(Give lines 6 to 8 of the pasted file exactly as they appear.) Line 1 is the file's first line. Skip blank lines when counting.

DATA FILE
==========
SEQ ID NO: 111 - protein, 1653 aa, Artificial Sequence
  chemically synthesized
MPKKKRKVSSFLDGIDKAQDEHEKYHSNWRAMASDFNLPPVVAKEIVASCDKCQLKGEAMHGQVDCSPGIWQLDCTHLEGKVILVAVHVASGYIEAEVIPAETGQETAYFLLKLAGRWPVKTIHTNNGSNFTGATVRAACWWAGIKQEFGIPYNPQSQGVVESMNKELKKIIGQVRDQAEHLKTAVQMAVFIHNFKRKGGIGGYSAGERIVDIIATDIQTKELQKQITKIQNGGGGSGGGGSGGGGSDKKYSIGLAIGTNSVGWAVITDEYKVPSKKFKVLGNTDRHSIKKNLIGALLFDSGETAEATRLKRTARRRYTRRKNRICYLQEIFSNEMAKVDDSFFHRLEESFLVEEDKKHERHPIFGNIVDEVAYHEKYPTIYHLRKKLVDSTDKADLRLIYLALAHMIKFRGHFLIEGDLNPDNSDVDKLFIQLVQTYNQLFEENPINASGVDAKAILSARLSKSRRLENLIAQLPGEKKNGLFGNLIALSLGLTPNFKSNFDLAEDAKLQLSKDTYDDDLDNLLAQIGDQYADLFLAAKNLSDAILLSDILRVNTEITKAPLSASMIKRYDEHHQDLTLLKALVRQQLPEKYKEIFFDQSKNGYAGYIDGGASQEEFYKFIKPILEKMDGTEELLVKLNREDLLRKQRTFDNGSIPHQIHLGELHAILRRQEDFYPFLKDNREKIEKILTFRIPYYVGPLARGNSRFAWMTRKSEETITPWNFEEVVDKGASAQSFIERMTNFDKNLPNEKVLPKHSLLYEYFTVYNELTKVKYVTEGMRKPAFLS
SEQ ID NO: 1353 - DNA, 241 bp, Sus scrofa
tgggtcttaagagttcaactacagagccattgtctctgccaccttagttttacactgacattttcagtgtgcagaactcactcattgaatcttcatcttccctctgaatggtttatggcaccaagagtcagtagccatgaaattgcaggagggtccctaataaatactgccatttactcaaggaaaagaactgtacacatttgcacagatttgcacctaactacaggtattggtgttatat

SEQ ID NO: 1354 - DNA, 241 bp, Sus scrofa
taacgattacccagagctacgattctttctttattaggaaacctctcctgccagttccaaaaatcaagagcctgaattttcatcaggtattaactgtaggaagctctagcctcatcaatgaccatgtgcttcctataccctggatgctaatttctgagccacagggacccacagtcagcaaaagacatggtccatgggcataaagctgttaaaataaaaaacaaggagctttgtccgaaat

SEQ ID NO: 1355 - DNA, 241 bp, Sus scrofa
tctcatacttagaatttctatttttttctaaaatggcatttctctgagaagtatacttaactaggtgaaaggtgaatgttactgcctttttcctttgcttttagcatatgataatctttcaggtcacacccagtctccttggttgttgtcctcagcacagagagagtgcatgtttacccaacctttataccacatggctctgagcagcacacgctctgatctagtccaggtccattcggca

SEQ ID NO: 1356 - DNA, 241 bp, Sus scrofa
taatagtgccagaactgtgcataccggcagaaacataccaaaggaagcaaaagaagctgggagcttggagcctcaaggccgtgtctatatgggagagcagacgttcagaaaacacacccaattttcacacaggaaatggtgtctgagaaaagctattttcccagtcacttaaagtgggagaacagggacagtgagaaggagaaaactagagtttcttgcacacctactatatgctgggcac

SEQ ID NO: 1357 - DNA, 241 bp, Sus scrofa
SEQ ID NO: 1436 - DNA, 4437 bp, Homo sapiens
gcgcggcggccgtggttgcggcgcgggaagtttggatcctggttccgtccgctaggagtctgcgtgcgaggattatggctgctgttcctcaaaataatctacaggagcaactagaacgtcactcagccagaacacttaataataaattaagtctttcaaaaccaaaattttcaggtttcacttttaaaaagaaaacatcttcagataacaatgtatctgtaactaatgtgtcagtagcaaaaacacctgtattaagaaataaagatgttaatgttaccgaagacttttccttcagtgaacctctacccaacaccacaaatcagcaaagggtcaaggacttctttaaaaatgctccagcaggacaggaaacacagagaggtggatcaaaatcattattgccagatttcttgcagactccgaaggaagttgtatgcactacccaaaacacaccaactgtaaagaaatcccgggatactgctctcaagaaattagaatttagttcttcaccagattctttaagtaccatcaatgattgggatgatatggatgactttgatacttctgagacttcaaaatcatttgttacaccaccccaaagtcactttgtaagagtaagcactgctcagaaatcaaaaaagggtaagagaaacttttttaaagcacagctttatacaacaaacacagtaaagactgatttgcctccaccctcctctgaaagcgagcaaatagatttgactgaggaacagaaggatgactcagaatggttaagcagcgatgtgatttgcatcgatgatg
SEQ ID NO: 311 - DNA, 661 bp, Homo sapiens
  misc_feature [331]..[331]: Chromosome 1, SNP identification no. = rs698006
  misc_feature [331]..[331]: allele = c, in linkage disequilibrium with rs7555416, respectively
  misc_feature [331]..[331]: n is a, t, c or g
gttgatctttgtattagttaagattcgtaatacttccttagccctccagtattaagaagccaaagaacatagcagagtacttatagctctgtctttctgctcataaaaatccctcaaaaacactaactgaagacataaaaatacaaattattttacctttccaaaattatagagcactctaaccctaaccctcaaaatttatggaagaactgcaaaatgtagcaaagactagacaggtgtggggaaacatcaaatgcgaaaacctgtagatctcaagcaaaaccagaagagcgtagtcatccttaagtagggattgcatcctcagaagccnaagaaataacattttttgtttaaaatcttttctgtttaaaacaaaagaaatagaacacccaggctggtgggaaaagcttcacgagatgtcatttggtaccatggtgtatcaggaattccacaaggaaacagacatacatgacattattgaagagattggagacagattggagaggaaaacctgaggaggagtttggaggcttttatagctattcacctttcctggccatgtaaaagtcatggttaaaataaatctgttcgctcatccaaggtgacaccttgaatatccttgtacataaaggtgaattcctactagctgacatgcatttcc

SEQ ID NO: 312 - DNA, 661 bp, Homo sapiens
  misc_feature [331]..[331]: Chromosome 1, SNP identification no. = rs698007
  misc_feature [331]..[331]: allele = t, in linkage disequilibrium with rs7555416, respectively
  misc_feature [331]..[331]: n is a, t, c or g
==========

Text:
SEQ ID NO: 1354 - DNA, 241 bp, Sus scrofa
taacgattacccagagctacgattctttctttattaggaaacctctcctgccagttccaaaaatcaagagcctgaattttcatcaggtattaactgtaggaagctctagcctcatcaatgaccatgtgcttcctataccctggatgctaatttctgagccacagggacccacagtcagcaaaagacatggtccatgggcataaagctgttaaaataaaaaacaaggagctttgtccgaaat

SEQ ID NO: 1355 - DNA, 241 bp, Sus scrofa